If I could summarize three snowboarding lessons in three words, those words would be challenging, fun, and humbling.
And, if we will add a fourth word, cold! But that’s a given for when you fall down into a deep blanket of snow on the side of a mountain every ten feet.
Ryan and I decided early last year that we wanted to learn how to snowboard. We live only 60-90 minutes from two ski resorts nestled in the Cascade mountains. Skiing and snowboarding are as popular out here as hiking, if not even more so.
Snowboarding appealed to both of us because we had already learned to ski and because there seemed to be less injury risk with snowboarding. Every time I fell when skiing, my legs just splayed out in different directions…ouch! But with our feet bound to a single board and a helmet on our heads, snowboarding just seemed safer. And, it also appeared more fun and laidback!
When I say I had skiied before, this was Midwest skiing. Some of the snow may have been artificial and the slopes were on hills. Out here in Washington, skiing and snowboarding are done in the mountains. And not the gentle alps that you first see when you enter the Cascades…the ski resorts are all deep in the mountain passes, at 3000 feet base elevation.
Put a pair of hiking shoes or snowshoes on my feet, and I’ll easily trek both up and down a mountain. But unlike hiking or snowshoeing, snowboarding came with a steep learning curve. You don’t just strap a board to your feet and go…you have to learn the skills of how to stand upright, turn, control your speed, and stop (and get off that darn lift).
By no means I am good at snowboarding – I still have hours of practice to do before I can make it down the gentlest of slopes without falling. Ryan has already made it down the green slopes multiple times without falling; right now, that’s my goal.
While I didn’t learn how to master that heel side to toe side turn (someday soon!), I did learn many things in our snowboarding lessons:
Being a runner doesn’t mean you are athletic.
I might be able to run a marathon, but I’m uncoordinated and inflexible. Any sport (or skill) that requires coordination takes me a while to learn. But there’s a part of my brain that assumes that, since I am a runner, I should be able to pick up other activities easily!
Give yourself some patience – snowboarding, skiing, or whatever other sport you try will take time to learn and won’t feel easy at first. Did running feel easy at first? Most likely not!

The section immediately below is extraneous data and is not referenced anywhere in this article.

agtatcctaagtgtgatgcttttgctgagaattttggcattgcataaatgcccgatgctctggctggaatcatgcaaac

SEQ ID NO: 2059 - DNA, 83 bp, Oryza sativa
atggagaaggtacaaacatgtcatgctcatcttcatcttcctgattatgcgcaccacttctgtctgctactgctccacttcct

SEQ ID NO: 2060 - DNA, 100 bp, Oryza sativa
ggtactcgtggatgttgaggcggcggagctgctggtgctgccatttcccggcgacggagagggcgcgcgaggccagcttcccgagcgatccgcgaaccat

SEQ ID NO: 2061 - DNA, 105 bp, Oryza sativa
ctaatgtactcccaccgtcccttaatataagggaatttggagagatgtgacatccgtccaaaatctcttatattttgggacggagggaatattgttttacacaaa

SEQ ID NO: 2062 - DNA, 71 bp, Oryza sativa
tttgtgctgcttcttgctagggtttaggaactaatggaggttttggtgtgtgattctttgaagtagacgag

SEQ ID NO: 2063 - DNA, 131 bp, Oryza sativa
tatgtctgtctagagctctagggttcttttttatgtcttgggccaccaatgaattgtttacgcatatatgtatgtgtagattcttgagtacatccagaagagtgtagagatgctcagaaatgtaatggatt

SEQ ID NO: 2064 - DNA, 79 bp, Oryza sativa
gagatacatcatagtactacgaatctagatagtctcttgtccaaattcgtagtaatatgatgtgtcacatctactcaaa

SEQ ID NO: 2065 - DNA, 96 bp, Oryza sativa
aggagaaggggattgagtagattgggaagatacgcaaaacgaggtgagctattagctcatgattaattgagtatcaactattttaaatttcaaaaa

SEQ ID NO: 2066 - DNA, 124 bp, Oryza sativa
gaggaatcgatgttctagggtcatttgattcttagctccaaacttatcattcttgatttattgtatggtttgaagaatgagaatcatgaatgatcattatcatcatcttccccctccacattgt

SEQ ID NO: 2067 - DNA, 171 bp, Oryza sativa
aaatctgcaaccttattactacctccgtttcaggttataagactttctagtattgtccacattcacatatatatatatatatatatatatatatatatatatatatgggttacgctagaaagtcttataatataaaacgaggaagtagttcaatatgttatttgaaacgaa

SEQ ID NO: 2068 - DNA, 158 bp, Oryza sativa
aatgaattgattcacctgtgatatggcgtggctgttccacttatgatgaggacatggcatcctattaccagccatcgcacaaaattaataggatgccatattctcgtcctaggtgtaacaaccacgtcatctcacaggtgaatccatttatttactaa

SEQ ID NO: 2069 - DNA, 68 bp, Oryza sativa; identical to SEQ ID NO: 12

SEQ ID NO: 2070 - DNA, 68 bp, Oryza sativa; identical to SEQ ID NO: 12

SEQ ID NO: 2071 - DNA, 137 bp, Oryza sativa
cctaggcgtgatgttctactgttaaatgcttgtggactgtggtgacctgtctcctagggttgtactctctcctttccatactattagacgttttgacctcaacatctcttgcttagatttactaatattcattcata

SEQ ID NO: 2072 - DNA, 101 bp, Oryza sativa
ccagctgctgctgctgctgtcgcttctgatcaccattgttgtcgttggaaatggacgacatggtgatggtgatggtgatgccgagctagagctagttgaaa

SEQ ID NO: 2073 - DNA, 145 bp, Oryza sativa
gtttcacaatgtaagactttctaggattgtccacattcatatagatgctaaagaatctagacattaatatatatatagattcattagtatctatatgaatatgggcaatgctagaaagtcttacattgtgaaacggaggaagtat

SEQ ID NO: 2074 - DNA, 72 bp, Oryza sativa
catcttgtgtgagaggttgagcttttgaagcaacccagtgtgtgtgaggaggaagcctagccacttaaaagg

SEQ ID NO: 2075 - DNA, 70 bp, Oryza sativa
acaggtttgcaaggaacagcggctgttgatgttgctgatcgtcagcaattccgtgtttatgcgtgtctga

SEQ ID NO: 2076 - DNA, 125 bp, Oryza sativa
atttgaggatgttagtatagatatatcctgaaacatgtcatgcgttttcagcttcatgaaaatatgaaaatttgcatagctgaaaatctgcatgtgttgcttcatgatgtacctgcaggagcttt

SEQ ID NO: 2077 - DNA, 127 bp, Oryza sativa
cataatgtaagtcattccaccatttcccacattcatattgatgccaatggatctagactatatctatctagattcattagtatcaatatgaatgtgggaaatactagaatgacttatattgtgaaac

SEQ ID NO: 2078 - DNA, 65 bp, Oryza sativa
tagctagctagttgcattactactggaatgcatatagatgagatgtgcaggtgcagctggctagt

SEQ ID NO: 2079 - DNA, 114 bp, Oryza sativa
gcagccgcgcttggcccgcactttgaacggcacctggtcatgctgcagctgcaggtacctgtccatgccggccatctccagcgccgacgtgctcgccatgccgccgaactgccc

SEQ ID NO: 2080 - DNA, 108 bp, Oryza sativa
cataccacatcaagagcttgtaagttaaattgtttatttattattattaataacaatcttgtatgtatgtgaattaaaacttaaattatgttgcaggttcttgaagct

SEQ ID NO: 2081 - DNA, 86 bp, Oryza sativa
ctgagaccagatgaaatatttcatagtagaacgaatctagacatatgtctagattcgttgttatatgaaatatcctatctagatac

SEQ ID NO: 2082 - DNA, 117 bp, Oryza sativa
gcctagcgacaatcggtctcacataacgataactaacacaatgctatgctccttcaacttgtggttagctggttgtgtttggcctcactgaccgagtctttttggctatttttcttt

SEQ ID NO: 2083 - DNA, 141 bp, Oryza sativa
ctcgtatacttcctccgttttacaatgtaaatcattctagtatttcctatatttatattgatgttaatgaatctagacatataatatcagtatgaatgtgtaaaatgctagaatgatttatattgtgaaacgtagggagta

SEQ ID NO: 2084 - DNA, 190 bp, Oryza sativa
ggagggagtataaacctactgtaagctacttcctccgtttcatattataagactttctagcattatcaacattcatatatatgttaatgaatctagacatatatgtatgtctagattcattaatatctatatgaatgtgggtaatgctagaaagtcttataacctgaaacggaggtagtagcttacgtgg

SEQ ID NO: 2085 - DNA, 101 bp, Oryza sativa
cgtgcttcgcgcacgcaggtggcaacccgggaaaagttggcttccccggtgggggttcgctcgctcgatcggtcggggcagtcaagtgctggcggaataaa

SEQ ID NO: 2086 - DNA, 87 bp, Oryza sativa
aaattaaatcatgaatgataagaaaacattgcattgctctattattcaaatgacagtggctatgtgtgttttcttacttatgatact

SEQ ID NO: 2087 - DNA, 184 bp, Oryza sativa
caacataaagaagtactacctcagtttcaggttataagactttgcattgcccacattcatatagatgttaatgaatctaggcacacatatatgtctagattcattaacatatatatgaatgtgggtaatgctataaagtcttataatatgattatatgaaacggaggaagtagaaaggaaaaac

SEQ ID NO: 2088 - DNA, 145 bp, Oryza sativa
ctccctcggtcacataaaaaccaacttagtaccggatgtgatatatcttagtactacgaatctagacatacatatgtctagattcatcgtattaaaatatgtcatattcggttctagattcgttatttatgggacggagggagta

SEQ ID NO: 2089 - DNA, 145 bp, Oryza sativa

Everyone falls; it’s getting up that matters
I lost count of how many times I fell during snowboarding lessons, especially the second and third lessons on the green slopes. I fell on my butt, I fell on my knees, one time I even fell and rolled a couple times. Who doesn’t fall when learning to glide down a mountain side on a single board? But each and every time I pushed myself up with the determination to do better.
What else was my option? To lie on my butt in the (very cold) snow and not try again? To quit because I wasn’t good the first time around? Or to grit my teeth and keep trying until I finally mastered it – no matter how long it took?
Natural talent isn’t always the indicator of success. Whether you take to a new skill naturally or not, what indicate success is how much grit you have – the amount of hard work and perseverance you pour into a task.
Embrace the soreness.
Falling hurts, but honestly it’s the getting up from falling that made me the sorest. My upper body and arms ached the day after each lesson. I felt as if I had done dozens of those nasty burpees with the push ups – on an incline.
Since snowboarding moves through a different plane of motion than running, you will use different muscles. I was sore in many of my lateral muscles, including whatever muscle is on the outside of my right calf (lead foot).
Too much fear of falling causes the fall.
I need to improve on this. Each time I go to transition from heel side to toe side or vice versa, I subconsciously worry about falling over and lean uphill to counterbalance – which then leads me to falling over. It’s similar to choking during a goal race or fear of failure in the work force: the fear of failing that leads to the biggest failure.
What lessons have you learned recently?
Would you rather snowboard or ski?
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